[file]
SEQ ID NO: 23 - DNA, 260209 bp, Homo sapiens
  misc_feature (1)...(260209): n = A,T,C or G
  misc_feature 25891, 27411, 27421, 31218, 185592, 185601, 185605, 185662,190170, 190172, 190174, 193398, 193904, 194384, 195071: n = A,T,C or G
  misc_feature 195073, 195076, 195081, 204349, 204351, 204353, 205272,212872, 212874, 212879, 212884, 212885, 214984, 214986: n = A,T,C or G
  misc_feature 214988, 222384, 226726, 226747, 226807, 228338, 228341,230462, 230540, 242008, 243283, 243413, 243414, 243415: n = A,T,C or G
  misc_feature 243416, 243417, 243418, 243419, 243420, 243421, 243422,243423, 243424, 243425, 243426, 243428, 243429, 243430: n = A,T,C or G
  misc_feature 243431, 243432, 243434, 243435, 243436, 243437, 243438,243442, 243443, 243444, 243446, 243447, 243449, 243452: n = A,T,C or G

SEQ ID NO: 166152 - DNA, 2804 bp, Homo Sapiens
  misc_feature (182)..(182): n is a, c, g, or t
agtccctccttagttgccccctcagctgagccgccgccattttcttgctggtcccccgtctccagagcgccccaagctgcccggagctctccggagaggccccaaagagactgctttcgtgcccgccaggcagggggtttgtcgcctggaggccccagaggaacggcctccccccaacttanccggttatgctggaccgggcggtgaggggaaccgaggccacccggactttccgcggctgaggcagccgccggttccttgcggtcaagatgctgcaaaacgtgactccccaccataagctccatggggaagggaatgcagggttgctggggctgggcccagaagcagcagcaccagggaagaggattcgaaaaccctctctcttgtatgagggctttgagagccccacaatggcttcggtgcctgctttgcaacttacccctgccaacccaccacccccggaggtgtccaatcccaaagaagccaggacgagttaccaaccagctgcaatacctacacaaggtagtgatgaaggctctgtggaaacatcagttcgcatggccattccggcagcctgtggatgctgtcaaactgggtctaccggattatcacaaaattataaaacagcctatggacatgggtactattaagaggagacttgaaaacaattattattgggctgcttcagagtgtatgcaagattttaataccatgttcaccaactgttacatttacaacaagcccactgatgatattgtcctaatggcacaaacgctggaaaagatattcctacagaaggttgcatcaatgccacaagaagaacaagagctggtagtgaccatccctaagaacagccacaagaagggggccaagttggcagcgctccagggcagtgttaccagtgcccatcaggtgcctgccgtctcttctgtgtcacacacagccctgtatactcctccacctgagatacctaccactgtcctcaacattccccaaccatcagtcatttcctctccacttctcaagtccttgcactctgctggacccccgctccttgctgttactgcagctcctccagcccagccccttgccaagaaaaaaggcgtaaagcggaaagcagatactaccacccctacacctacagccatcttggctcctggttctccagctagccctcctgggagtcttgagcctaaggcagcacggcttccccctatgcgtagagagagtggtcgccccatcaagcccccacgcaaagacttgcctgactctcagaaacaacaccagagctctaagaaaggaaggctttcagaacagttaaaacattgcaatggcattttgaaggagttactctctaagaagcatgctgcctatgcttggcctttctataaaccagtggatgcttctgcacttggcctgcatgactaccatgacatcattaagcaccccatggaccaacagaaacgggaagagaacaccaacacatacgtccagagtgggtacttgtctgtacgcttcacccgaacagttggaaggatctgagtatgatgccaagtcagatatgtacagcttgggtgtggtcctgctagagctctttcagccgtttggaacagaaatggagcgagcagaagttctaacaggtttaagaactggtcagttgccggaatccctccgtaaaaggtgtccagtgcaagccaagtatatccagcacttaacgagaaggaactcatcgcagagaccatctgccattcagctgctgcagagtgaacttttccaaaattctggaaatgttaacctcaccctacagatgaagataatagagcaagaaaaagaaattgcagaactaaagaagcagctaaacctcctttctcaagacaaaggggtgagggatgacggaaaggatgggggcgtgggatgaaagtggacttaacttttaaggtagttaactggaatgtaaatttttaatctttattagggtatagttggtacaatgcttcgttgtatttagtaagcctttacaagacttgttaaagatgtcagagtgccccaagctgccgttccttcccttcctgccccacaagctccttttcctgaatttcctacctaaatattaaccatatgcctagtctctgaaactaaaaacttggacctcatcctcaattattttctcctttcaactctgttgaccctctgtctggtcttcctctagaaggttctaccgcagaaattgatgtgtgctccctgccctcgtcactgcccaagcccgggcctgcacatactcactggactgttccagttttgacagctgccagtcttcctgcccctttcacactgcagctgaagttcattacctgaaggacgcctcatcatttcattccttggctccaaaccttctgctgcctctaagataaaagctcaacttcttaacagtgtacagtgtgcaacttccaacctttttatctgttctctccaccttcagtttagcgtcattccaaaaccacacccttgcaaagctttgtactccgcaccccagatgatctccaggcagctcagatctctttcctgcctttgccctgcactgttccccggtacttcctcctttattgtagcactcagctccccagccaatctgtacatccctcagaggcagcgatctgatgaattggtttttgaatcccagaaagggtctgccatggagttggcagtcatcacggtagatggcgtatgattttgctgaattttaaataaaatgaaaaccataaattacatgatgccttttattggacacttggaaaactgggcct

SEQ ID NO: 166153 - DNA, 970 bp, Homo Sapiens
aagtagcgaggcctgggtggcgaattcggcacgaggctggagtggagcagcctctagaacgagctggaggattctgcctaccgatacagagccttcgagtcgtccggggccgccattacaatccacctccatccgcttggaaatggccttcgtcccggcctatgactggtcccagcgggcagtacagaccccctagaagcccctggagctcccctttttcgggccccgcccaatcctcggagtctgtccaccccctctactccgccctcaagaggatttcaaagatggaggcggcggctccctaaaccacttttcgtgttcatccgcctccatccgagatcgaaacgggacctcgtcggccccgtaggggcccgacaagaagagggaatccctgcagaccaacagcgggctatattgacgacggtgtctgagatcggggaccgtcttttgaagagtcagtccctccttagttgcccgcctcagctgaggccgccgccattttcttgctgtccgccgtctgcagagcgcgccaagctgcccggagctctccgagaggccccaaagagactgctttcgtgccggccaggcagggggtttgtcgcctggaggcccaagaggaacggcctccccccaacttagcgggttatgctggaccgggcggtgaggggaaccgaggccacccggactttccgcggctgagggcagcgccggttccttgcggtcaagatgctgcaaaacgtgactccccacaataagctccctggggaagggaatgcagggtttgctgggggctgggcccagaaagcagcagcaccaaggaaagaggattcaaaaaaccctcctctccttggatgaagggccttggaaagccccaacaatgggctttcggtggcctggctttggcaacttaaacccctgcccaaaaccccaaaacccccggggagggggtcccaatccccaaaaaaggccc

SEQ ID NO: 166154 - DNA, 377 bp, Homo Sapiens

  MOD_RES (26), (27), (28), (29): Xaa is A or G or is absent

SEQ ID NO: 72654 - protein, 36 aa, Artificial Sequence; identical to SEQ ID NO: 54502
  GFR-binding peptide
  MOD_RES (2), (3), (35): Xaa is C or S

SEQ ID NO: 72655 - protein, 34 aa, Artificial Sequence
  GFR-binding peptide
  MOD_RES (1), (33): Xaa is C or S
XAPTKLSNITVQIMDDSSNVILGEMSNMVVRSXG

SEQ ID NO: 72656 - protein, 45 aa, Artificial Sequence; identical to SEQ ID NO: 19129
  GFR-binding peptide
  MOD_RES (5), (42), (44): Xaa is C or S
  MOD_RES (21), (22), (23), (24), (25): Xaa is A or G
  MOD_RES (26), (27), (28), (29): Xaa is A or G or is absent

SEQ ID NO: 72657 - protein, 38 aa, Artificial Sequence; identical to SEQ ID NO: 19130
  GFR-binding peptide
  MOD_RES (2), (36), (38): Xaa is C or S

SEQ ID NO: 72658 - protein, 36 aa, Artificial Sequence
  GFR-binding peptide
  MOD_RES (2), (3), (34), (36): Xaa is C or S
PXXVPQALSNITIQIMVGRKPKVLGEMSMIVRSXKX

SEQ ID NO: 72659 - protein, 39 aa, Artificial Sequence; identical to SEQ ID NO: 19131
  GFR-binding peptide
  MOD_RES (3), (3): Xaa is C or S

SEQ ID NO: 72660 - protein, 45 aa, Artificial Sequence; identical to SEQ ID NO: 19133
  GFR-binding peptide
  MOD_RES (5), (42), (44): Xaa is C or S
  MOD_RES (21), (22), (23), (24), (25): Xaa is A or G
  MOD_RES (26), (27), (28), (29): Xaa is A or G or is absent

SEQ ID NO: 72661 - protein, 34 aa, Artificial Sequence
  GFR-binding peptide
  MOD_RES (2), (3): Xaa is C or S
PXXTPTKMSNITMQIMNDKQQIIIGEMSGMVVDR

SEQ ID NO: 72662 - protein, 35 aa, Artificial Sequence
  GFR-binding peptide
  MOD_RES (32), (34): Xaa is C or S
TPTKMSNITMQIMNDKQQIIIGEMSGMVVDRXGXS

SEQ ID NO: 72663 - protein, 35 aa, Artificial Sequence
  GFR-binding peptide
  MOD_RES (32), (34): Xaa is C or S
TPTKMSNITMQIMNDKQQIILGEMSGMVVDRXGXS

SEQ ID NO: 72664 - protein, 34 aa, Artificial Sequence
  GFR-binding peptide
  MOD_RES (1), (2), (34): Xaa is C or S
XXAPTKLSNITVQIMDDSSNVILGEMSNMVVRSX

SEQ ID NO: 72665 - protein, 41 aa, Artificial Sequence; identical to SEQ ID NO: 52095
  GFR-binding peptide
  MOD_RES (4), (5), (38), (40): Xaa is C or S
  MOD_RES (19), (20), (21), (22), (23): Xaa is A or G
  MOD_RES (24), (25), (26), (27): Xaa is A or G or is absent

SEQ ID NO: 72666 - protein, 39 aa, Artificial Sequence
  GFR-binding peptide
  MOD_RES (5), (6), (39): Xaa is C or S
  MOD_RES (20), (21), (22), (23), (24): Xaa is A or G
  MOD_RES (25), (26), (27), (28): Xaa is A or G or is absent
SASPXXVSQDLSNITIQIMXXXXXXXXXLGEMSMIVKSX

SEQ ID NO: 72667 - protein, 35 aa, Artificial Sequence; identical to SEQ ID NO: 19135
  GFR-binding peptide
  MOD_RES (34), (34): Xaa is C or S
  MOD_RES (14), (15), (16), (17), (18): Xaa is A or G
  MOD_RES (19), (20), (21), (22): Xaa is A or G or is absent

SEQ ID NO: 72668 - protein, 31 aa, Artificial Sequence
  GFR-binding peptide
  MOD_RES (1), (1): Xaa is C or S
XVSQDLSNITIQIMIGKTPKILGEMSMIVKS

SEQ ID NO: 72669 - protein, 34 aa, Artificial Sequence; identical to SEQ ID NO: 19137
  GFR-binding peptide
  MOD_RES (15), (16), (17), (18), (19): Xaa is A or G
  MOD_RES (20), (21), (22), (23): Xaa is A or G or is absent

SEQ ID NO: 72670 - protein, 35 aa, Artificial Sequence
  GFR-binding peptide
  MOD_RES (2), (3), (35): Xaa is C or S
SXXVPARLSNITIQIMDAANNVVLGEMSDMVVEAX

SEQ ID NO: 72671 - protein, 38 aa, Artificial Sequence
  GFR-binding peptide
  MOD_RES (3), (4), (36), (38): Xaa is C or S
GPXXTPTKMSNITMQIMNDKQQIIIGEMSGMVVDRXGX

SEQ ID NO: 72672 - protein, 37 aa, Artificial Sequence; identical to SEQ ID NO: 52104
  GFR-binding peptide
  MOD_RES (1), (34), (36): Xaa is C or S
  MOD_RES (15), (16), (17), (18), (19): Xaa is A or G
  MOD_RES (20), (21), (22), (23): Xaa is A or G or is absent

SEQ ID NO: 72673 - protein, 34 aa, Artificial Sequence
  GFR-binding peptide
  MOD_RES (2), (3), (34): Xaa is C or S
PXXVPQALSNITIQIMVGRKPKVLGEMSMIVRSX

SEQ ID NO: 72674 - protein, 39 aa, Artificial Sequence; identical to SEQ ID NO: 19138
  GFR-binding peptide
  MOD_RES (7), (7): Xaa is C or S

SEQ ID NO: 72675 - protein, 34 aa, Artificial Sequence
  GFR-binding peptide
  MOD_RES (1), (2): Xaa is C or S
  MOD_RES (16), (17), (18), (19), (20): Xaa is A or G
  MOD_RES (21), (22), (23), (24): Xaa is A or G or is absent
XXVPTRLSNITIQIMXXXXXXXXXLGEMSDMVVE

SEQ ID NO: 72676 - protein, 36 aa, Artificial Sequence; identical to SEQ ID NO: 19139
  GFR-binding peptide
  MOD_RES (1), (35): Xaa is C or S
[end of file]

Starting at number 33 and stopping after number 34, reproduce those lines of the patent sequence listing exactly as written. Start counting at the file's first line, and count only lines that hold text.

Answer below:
PXXVPQALSNITIQIMVGRKPKVLGEMSMIVRSXKX

SEQ ID NO: 72659 - protein, 39 aa, Artificial Sequence; identical to SEQ ID NO: 19131